04 March 2014

People who do have-to-do things

Some people are messy by nature or else by acquired habit.  Some are neat to a fault.  Some have messy desktops but are endowed with exceptional clarity of mind. They may appear disorganized but they have computer-like brains, with facts neatly filed in relevant mind-folder, diary-less but never missing an appointment, taking on 101 things and getting it all done on time even if it causes heartbreak and produces frayed nerves.   Some are neat in terms of how they arrange and manage their surroundings as well as how they go about their lives and work.



Kenneth is like that. Neat. 

But even the neatest of the neat slip now and then.  Kenny, as he is better known, didn’t exactly slip.  He knocked over a cup of tea.  The tea splashed all over the newspaper he happened to be reading. Knowing Kenny, he wouldn’t have been pleased with himself.  It happened early in day. No one was around.  No one knew what happened and in any case it was not an earth-shattering incident.  Kenny related the story in passing a few days later.

‘This boy had brought me a cup of tea.  I was reading the papers.  I knocked over the cup by accident and spilled the tea all over the newspaper I was reading.  He came back just then.  He didn’t ask me what happened.  Within minutes he had cleaned up the mess.  What’s amazing is that he came back a few minutes later with another copy of the same newspaper.  I didn’t have to tell him anything.’
There are people like that.  One glance is enough to obtain overall picture, ascertain what’s missing and figure out what needs to be done.  No questions asked.  They know the have-to-do things and will do it one way or another. 

It is known in the offices of The Nation that Thushara is a jack of all trades and a master of them all.  Well, almost all trades.   Doesn’t ask too many questions.  Doesn’t have to be told everything A-Z.  He’s always with a smile.  He is alert to things and processes relevant to the team as well as to individuals in the team.  He doesn’t intrude unless he believes it is absolutely necessary to do so.  He cleans up messes that are more serious than wiping spilled tea off a table and replacing a soggy newspaper.  He anticipates a lot of spilling and sets up things so that hassle is avoided.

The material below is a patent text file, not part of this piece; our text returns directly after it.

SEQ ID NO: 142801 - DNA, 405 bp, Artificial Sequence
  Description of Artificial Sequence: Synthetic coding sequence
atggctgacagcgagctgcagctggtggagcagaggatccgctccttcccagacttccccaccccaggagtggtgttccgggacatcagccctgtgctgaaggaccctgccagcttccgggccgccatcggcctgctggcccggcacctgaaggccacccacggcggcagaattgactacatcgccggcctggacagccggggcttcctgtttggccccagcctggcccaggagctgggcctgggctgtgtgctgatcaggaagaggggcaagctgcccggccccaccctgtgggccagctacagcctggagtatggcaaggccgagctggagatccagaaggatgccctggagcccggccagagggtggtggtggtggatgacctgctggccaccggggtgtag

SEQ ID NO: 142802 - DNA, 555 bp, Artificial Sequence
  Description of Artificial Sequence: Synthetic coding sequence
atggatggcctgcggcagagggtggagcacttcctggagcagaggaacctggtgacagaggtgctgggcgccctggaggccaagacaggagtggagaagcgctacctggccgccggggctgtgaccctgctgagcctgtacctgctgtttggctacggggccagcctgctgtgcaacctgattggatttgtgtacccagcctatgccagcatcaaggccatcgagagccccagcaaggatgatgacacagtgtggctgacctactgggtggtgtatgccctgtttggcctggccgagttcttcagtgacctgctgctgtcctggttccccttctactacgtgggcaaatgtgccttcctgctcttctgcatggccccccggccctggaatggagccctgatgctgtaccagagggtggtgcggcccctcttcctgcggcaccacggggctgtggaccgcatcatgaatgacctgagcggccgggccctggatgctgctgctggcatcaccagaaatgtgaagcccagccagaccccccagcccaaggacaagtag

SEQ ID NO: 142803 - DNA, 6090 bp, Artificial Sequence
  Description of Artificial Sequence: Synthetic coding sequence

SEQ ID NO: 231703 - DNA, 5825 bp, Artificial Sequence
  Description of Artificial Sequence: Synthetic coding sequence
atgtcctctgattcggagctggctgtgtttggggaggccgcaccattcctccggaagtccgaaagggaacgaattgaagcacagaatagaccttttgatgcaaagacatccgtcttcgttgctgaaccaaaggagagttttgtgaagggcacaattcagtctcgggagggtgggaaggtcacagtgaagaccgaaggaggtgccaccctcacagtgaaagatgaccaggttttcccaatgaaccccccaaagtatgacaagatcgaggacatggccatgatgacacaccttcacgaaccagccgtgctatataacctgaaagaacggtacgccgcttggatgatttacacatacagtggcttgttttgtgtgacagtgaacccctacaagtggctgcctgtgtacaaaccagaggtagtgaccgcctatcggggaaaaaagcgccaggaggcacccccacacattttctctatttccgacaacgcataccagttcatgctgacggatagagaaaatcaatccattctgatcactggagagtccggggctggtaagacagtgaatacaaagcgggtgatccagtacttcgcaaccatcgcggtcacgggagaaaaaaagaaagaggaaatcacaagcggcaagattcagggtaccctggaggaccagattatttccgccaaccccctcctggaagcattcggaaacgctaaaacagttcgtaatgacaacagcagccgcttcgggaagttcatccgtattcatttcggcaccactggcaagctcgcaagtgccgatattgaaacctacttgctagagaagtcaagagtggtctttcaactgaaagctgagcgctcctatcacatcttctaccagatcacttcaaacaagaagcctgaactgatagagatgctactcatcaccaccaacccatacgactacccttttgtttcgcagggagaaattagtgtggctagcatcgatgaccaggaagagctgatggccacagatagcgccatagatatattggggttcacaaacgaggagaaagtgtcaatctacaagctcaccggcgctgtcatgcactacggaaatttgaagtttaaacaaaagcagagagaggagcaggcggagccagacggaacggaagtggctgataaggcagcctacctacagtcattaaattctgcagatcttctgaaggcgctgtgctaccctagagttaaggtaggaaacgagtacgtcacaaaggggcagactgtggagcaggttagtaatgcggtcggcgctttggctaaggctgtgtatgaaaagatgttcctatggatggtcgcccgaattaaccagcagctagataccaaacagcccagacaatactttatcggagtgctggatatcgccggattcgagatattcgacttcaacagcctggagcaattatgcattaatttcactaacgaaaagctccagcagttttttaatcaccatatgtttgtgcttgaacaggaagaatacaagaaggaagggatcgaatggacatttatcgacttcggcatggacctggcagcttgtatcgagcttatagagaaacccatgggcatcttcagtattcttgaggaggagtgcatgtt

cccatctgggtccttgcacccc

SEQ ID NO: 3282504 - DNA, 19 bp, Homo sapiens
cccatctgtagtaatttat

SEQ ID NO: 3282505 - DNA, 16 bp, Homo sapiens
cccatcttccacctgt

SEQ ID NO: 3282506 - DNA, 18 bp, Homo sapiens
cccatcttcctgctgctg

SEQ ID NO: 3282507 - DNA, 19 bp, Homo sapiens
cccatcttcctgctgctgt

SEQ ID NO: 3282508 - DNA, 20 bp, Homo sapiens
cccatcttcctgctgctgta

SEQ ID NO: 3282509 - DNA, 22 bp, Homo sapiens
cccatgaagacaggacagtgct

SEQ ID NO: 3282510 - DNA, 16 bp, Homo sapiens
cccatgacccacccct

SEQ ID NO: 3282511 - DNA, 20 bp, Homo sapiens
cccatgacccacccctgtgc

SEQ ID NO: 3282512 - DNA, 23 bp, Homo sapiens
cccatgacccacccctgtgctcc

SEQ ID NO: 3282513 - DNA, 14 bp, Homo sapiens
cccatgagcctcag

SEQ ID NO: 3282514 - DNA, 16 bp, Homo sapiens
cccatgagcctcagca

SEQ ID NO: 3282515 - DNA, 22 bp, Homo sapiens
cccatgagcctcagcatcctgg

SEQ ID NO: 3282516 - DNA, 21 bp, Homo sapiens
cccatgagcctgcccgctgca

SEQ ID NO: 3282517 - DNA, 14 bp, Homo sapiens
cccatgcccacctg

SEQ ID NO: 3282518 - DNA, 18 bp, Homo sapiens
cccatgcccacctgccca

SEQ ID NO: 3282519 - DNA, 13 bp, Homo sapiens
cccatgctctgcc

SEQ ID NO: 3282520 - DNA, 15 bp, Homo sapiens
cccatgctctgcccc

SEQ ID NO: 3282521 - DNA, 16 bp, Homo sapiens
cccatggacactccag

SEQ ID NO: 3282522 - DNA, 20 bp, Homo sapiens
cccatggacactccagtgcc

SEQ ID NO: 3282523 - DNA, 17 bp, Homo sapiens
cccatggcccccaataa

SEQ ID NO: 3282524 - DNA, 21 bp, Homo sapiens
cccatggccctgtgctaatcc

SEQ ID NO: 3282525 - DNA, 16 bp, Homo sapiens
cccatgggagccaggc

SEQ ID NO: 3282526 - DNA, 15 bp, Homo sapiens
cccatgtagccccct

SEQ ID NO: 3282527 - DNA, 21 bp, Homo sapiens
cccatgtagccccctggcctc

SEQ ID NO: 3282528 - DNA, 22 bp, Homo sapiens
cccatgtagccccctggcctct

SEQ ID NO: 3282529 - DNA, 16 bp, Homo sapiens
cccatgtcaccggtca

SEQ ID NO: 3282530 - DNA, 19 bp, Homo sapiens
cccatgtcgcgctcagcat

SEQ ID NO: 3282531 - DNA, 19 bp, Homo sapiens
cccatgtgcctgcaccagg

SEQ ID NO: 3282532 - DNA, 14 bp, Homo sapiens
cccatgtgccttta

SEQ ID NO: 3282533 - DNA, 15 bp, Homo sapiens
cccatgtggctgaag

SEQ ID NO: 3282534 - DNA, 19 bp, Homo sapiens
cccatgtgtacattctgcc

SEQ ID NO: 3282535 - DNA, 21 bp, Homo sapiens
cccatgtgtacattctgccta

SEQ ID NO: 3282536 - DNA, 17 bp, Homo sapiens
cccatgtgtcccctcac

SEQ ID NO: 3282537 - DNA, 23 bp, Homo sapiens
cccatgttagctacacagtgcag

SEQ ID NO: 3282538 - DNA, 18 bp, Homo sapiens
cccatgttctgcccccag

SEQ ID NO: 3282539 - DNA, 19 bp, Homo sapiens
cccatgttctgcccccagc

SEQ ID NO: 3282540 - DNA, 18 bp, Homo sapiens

He makes one feel that this world doesn’t fall apart despite all the crazy, stupid and destructive things that human beings do because there’s a critical number of Thusharas living in it.  We could apply the same principle to other entities too.  States for example.  State institutions.  Organizations.  Boy Scout troops.  A traffic-choked road.  A play with dozens of actors or a choir with a hundred choristers.  In all these places and institutions there is what could be called a voice of reason which, in silence or in soft tone suggestion or in the rare and therefore listened-to sternness, rises above the cacophony and in fact obtains the degree of silence necessary for pause, reflection and direction-change. 

There are two kinds, at least.  Two kinds of approaches.  There are times to step back just to create enough space so that perspective is obtained by all.  There are also times to move in and re-arrange the furniture taking into account the relevant anthropometrics, in particular those pertaining to the minds of those who people the space.  That’s not easy.  Minds are diverse and even single minds are made of moods and eminently made to change shape and direction while occasionally re-arranging priorities. Prediction is not easy.  This is what makes the unsolicited and in most instances unpaid work of the Thusharas invaluable in preserving the minimum levels of sanity necessary for a relatively smooth functioning of an office environment.

It can’t be taught.  There are no degrees on offer on this strange subject.  Part of it must be acquired. Part, perhaps, coded in genetic make-up. Part god-given if you will, as Thushara who is a Catholic might say, or explainable by what Buddhists might call Sansaara Purudda, habit brought over from one bhavaya (lifetime) to another.  Whatever it is, there’s another attendant characteristic: unrecognizability. 

Kenny noticed and mentioned in passing in the middle of a conversation about a lot of other things, but in general the world does not notice, does not acknowledge and rarely if ever rewards.   That’s ‘taking for granted’.  But on the other hand, such things are not anticipated either.  If there’s no ‘thanks’, there is no disappointment.  That’s the nature of people who do have-to-do things.
We are so dependent on them.  If they disappear, the world would not only be poorer, it might collapse around us and we wouldn’t even know how or why. 


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